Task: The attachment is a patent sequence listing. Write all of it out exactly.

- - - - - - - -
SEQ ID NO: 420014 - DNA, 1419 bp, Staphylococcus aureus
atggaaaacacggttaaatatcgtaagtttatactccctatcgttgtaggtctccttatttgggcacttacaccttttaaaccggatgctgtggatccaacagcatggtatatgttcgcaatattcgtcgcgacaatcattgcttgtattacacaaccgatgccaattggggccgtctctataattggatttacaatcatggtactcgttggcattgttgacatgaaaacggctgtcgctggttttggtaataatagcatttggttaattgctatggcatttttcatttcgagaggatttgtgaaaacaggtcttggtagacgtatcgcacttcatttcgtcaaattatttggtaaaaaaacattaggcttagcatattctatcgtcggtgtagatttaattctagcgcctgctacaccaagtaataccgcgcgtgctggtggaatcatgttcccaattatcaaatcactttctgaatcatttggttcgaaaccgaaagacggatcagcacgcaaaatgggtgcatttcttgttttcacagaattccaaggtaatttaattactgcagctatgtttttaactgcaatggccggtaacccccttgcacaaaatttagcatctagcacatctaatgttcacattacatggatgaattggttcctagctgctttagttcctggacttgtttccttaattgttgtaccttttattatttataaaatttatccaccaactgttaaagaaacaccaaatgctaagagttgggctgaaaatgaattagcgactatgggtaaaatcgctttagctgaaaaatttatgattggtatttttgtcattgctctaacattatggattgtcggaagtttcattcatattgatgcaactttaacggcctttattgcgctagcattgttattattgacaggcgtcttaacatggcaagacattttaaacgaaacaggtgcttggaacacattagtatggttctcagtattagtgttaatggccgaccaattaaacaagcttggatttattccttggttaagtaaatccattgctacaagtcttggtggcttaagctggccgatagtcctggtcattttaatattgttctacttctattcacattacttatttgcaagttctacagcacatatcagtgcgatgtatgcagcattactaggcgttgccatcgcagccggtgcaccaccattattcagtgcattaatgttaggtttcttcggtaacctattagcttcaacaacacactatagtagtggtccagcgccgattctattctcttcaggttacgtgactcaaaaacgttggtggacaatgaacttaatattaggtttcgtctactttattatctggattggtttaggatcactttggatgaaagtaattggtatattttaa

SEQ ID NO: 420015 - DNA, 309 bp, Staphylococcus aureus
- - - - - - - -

SEQ ID NO: 420014 - DNA, 1419 bp, Staphylococcus aureus
atggaaaacacggttaaatatcgtaagtttatactccctatcgttgtaggtctccttatttgggcacttacaccttttaaaccggatgctgtggatccaacagcatggtatatgttcgcaatattcgtcgcgacaatcattgcttgtattacacaaccgatgccaattggggccgtctctataattggatttacaatcatggtactcgttggcattgttgacatgaaaacggctgtcgctggttttggtaataatagcatttggttaattgctatggcatttttcatttcgagaggatttgtgaaaacaggtcttggtagacgtatcgcacttcatttcgtcaaattatttggtaaaaaaacattaggcttagcatattctatcgtcggtgtagatttaattctagcgcctgctacaccaagtaataccgcgcgtgctggtggaatcatgttcccaattatcaaatcactttctgaatcatttggttcgaaaccgaaagacggatcagcacgcaaaatgggtgcatttcttgttttcacagaattccaaggtaatttaattactgcagctatgtttttaactgcaatggccggtaacccccttgcacaaaatttagcatctagcacatctaatgttcacattacatggatgaattggttcctagctgctttagttcctggacttgtttccttaattgttgtaccttttattatttataaaatttatccaccaactgttaaagaaacaccaaatgctaagagttgggctgaaaatgaattagcgactatgggtaaaatcgctttagctgaaaaatttatgattggtatttttgtcattgctctaacattatggattgtcggaagtttcattcatattgatgcaactttaacggcctttattgcgctagcattgttattattgacaggcgtcttaacatggcaagacattttaaacgaaacaggtgcttggaacacattagtatggttctcagtattagtgttaatggccgaccaattaaacaagcttggatttattccttggttaagtaaatccattgctacaagtcttggtggcttaagctggccgatagtcctggtcattttaatattgttctacttctattcacattacttatttgcaagttctacagcacatatcagtgcgatgtatgcagcattactaggcgttgccatcgcagccggtgcaccaccattattcagtgcattaatgttaggtttcttcggtaacctattagcttcaacaacacactatagtagtggtccagcgccgattctattctcttcaggttacgtgactcaaaaacgttggtggacaatgaacttaatattaggtttcgtctactttattatctggattggtttaggatcactttggatgaaagtaattggtatattttaa

SEQ ID NO: 420015 - DNA, 309 bp, Staphylococcus aureus